S&H to the UK for these stands is almost as much as the stands themselves..



cgardner
Registered: Nov 18, 2002
Total Posts: 9376
Country: United States

Now I'm a bit confused. Ease of movement it the primary advantage of the auto retracting feet vs. conventional stand but the description it sounds like mostly static rather than "run and gun" like a wedding where you are constantly moving the OCF around to follow the action.

If the primary goal is making the logistics of set-up simpler a padded custom case where you can keep everything connected (stand, flash, battery) for storage and transport would seem to fit the bill better. I briefly worked for a free-lance PJ who had a rolling case containing a 16mm video news interview kit like that. There was a ball head stand mounted on top of the case and the camera and lights w. stands attached fit into padded compartments in the case. It could be rolled in and set-up in a few minutes with very little effort, but needed a van for transport.

While it doesn't seem to be what you need here's what I use indoors for my off camera my speedlight: a modified five-legged IV pole on casters.







It's got a small 28" footprint and is nearly un-tippable. If it gets bumped it just rolls away. It works a treat indoors if moving around with a flash on bracket and one OCF as I do with speedlights. I occasionally find one at thrift stores. Got the idea working for Zucker. It's what he used, but his had 4 legs and a cast iron base.


dmward
Registered: Apr 12, 2002
Total Posts: 1825
Country: United States

The value of the Cheetah stand is its ability to collapse its legs when picked up.
The C8 is OK for speedlites with smallish modifiers. The C12 is robust enough for an Einstein moonlight with relatively big modifier.

The foot print of each is smaller than a corresponding light stand. Primarily because of the self collapsing mechanism.

I've had C8 go over in the wind with just a speedlite on top, sitting on a concrete walk.

If you have to move fast they are nice. If you have time then light stands with wider base can be saver.

I got Denny version first. They had a special on a two stand kit. First stand came apart when I took it out of the box and wouldn't stay together. Needless to say they went back.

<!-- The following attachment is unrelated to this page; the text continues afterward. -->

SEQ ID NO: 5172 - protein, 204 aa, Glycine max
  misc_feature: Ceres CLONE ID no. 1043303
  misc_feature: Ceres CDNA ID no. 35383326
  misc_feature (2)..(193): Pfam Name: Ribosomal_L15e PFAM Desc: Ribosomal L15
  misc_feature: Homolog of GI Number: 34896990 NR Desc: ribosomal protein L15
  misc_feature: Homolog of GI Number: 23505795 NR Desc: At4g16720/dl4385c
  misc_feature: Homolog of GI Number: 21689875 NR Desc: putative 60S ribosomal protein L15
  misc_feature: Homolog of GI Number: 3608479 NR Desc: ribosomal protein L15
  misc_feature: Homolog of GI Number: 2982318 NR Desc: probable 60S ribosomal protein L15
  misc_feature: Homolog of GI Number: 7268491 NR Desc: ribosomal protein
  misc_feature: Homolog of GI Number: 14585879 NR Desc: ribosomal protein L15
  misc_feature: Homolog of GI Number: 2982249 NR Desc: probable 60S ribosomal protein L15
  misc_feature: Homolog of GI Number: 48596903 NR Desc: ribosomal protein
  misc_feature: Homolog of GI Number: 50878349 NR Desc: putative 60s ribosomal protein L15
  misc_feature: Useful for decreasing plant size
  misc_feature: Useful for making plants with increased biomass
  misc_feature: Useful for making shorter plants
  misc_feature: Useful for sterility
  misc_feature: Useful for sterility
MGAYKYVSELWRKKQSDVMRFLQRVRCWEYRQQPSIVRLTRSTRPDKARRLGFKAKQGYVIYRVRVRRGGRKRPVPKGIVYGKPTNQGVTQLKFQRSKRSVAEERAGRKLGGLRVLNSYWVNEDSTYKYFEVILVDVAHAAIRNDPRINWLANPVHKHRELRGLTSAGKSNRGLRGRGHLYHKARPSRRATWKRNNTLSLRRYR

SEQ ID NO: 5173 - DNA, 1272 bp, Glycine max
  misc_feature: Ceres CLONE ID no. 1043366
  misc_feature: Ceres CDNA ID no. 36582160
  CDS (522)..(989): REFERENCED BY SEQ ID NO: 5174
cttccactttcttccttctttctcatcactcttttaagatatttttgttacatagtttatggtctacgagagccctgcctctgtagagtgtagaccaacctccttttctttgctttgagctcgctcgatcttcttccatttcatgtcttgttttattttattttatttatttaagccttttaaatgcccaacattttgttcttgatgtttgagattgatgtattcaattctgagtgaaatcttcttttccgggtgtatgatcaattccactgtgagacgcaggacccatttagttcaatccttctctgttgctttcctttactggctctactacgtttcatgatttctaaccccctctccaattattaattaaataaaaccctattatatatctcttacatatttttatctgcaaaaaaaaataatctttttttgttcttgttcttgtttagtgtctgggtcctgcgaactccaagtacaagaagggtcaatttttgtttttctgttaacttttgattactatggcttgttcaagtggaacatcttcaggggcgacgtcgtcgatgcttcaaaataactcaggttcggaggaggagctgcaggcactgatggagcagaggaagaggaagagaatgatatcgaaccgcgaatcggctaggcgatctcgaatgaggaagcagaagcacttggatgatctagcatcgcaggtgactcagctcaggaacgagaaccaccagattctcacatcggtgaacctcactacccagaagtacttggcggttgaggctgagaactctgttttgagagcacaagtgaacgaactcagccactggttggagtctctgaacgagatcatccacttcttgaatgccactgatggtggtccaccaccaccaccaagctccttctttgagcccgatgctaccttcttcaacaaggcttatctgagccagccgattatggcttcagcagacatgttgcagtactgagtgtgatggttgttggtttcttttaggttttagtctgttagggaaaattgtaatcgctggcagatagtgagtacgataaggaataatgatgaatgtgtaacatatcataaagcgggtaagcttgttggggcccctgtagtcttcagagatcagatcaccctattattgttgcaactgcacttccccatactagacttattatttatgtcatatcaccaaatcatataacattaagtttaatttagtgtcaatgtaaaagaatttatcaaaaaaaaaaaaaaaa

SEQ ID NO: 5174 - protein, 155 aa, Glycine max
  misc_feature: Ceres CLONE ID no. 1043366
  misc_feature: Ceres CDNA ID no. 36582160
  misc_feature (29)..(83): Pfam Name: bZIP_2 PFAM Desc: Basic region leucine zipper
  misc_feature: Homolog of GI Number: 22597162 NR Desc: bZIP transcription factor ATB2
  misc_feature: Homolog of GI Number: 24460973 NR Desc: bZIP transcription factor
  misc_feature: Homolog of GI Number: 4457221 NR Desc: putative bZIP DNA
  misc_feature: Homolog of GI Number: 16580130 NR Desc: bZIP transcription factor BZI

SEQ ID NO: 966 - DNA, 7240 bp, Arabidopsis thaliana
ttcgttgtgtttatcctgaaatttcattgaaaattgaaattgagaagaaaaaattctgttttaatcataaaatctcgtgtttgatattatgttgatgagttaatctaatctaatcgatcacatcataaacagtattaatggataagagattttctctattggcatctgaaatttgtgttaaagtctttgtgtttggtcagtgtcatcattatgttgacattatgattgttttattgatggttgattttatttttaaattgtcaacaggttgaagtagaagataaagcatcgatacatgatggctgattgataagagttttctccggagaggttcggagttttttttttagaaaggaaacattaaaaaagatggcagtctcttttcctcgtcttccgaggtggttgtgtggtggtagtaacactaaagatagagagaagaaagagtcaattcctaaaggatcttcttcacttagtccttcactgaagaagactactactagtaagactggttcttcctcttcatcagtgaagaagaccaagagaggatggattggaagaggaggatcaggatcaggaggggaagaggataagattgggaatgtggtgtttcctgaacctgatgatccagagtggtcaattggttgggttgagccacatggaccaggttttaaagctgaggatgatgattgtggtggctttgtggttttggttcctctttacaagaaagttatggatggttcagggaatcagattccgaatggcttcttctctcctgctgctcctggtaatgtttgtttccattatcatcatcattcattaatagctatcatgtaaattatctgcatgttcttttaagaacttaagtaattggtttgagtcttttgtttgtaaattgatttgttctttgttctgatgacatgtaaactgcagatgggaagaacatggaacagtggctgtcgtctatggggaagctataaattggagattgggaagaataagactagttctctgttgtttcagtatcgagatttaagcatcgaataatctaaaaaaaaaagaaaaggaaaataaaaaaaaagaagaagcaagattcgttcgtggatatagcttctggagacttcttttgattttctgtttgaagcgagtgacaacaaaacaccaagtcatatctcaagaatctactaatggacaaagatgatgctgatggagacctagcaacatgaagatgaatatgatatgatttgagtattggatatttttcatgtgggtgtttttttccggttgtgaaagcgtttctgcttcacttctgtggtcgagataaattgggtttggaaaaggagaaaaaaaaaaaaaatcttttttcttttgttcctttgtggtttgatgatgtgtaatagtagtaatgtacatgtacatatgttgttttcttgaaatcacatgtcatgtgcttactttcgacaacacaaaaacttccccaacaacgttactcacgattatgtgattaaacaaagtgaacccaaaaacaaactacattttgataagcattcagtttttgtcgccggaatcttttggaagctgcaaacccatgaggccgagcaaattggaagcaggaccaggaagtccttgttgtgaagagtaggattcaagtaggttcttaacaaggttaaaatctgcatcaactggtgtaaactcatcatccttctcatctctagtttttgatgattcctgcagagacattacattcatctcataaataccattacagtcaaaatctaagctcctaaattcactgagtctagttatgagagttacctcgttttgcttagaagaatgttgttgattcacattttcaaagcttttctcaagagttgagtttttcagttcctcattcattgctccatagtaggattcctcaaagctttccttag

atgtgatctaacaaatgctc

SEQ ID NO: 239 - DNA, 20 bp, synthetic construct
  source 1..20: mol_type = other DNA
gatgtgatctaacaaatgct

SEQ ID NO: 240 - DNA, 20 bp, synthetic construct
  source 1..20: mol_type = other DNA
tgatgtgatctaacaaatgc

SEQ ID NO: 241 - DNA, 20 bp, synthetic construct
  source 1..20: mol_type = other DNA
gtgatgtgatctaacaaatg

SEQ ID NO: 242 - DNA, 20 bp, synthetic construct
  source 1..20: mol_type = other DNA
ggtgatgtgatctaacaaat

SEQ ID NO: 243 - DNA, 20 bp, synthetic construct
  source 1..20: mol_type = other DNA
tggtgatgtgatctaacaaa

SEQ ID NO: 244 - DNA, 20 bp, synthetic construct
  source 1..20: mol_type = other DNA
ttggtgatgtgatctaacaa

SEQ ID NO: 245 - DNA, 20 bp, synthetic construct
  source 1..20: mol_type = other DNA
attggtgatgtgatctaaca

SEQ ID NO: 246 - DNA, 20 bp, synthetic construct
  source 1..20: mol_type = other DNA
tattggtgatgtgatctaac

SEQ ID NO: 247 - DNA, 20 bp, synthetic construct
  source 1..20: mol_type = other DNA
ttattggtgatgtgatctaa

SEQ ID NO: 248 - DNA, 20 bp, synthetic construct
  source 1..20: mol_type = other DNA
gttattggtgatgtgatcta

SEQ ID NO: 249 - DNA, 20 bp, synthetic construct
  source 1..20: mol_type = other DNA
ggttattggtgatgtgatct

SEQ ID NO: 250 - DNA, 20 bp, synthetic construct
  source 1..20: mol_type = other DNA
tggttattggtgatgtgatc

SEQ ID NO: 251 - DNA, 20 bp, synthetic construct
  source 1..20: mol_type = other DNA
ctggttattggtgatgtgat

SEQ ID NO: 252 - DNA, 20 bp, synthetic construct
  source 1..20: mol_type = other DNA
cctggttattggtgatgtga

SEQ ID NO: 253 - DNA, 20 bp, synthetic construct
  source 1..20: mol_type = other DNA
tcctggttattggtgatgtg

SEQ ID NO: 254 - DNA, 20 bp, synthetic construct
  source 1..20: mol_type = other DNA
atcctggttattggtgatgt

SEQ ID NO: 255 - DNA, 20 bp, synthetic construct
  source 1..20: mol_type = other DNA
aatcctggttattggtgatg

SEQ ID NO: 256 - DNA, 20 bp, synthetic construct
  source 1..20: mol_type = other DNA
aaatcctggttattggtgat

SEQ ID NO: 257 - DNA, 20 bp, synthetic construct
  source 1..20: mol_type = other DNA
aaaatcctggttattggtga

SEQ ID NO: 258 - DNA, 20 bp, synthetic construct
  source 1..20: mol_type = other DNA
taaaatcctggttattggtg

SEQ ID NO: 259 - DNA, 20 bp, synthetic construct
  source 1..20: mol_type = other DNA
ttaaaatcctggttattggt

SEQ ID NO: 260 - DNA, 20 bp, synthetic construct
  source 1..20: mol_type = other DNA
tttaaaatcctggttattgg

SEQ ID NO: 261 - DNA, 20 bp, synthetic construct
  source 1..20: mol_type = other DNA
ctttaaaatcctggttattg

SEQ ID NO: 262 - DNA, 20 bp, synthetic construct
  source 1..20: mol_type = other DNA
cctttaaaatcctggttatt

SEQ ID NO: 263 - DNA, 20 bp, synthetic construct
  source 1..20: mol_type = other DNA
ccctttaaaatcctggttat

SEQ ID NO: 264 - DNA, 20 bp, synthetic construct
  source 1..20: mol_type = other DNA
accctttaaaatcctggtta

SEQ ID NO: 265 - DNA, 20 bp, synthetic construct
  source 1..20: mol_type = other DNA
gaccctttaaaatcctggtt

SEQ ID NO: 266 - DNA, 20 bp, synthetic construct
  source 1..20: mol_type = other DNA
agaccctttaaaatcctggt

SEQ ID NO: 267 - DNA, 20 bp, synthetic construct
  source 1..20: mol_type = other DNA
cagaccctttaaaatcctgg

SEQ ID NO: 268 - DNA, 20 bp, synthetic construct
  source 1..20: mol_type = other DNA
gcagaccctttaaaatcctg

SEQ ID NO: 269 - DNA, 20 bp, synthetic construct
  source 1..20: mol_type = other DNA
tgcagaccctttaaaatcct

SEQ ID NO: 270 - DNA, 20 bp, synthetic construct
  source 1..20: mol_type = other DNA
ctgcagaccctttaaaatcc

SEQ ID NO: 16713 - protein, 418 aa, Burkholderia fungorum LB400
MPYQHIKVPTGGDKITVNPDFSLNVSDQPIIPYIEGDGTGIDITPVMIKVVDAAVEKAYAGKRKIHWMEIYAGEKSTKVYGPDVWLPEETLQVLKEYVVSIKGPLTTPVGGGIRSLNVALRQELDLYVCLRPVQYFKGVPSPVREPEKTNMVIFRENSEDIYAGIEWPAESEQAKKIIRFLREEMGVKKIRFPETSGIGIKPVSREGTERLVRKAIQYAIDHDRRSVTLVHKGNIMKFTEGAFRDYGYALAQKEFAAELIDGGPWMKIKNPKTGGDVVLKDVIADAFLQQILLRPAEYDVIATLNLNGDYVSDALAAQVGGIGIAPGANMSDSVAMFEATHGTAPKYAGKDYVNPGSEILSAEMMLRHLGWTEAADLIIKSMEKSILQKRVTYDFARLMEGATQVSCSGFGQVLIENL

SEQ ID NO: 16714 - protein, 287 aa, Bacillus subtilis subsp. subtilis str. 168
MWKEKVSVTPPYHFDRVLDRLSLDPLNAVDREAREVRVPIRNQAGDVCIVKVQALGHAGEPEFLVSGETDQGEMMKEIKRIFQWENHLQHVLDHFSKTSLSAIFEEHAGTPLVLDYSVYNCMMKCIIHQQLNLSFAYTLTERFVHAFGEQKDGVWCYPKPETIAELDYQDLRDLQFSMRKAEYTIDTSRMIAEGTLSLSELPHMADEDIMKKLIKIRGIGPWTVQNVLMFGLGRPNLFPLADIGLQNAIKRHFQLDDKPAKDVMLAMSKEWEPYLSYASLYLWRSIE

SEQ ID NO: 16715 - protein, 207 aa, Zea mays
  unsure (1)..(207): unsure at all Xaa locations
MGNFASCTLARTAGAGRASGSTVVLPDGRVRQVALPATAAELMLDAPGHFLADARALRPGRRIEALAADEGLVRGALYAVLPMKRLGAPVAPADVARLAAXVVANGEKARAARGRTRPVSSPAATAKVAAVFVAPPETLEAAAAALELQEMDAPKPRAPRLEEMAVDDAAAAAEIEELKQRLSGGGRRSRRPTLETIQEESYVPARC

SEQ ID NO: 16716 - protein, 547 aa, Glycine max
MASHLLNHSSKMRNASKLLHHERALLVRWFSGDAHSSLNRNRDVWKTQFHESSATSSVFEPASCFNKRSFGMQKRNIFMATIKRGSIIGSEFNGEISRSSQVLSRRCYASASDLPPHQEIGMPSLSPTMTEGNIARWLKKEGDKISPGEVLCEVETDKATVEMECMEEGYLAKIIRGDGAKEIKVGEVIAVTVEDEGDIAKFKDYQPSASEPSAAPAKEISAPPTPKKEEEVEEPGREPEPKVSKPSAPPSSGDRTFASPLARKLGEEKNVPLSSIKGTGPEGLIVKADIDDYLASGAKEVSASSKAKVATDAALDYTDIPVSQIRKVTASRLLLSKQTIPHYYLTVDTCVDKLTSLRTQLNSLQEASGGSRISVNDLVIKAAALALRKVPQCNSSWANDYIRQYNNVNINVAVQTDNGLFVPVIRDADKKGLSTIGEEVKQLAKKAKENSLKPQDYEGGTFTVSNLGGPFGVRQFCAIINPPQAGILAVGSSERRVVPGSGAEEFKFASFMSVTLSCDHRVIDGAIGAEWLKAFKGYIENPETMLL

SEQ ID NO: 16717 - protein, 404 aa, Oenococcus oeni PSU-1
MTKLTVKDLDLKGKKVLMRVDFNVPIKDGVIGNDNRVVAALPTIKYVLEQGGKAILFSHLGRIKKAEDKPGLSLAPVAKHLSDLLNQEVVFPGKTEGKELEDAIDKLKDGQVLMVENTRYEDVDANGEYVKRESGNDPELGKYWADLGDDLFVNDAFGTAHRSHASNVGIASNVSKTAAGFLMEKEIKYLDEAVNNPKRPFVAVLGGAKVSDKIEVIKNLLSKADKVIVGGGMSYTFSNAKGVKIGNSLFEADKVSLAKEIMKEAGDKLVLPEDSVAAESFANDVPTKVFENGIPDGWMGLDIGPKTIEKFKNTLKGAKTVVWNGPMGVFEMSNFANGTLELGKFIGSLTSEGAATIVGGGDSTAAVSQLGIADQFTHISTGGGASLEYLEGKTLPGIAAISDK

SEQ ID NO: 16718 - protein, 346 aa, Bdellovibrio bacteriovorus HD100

I've have a couple of things I needed to replace on the stands I have and Edward is great at customer service. He's not into email so when you email from the site with a question be close to your phone, you're likely to get a call within minutes. :-)



dmward
Registered: Apr 12, 2002
Total Posts: 1825
Country: United States

UK,
If you and your other UK photog friends can get together and come up with a shopping list, send me the cash via PayPal, I'll buy it all and bring it to London as baggage. Haven't been there in a couple of years and would love a long weekend to walk around and take some pictures. :-)

Oh, and shipping is the plane ticket and 4 nights in a hotel. :-)



ukphotographer
Registered: Dec 12, 2009
Total Posts: 1266
Country: United Kingdom

I'm constantly moving the lighting around to different locations as well as getting the equipment to the location in the first place.

The auto retracting feet mean that when I'm traipsing a camera bag on my back with cameras, lenses and lights along with a case of a couple of 400Ws the other hand has a ready to go light which on arrival at destination can be plonked down without having to mess with leg struts to secure it. Destination might be up stairs across gantries and end up on a gridded floor somewhere. You need two hands to secure a stand.. and if you want to pick up two and move them (especially the Nano type) with heads and power packs attached you need three hands! They're OK when closed up, just getting them closed up when you have a few to move presents a problem. (There might be over 10 lights all needing moving so thats a serious set up and break down time.. sometimes they do just get thrown in the van and sorted when back at the studio, but mostly they're packed). Even if you need only one light and its in your bag, it's no good being there if you need it and have only got 30s to setup before you miss the action.

I would have no objection to fitting out a case of lights set up this way if the stands do what is needed. It might be a bit lengthy..(?) and then sometimes, only one light might be enough, so a case of three might be overkill. (and weighty).